Academe’s Sticky Pay-Parity Problem

Inside Higher Ed
By Colleen Flaherty
February 24, 2021

Women are 60 percent of all professionals in higher education and have been earning the majority of master’s and doctoral degrees for decades. Yet women represent just 24 percent of the highest-paid faculty members and administrators at 130 leading research universities, according to a new study from Eos Foundation’s Women’s Power Gap Initiative, the American Association of University Women and the WAGE project. Women of color are even more grossly underrepresented, at just 2 percent of top core academic earners. 

No Excuses

“Schools struggling to ‘find’ women and people of color for leadership positions should deeply examine their institutional cultures and seek to systematically change their hiring, retention and advancement practices to more quickly and urgently close the power and pay gaps,” the report says.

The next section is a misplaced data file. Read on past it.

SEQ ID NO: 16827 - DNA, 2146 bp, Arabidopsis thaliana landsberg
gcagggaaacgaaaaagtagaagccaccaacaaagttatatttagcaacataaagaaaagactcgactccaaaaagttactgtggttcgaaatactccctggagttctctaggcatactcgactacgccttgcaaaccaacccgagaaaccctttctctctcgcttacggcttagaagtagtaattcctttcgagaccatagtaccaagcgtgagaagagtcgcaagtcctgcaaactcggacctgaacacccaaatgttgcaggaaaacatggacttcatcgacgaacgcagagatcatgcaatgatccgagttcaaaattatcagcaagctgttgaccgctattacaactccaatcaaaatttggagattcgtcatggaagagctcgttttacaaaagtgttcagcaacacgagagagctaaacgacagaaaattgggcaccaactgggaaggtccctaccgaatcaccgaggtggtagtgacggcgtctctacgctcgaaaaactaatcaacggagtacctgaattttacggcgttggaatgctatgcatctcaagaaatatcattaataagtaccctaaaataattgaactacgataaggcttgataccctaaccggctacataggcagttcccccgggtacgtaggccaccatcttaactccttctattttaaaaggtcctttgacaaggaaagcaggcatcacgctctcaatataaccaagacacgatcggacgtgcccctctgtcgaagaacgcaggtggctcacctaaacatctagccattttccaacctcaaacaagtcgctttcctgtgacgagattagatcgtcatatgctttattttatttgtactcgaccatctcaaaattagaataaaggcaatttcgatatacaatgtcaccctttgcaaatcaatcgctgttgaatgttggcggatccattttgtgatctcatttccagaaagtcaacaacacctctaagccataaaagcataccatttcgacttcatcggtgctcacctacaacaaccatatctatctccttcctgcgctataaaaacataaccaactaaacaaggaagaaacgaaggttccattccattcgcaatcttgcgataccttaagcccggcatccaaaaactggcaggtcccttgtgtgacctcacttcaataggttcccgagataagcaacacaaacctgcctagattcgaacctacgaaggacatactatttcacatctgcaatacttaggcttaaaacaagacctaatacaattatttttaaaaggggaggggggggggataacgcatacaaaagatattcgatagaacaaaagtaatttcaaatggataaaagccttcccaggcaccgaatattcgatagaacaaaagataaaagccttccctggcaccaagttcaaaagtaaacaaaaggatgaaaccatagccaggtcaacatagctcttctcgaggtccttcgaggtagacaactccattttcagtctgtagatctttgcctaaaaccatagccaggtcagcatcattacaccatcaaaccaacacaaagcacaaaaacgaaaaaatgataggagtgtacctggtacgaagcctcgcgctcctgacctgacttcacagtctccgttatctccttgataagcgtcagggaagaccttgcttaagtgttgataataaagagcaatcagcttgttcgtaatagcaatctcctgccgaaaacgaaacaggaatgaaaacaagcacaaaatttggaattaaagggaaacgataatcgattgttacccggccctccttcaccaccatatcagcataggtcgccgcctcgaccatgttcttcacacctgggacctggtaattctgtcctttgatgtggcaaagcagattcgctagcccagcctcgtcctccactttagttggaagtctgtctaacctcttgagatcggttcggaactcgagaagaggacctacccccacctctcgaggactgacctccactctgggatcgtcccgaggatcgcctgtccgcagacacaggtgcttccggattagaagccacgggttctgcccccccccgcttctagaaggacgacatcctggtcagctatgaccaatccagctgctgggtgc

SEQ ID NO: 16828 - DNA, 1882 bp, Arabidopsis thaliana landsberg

Women’s Power Gap isn’t strictly about higher education. It encourages pay and gender parity within corporations, too. But Eos and its collaborators say they focused this new report on academe because education “is viewed as the great equalizer, and institutions of higher education are considered moral exemplars for society.”

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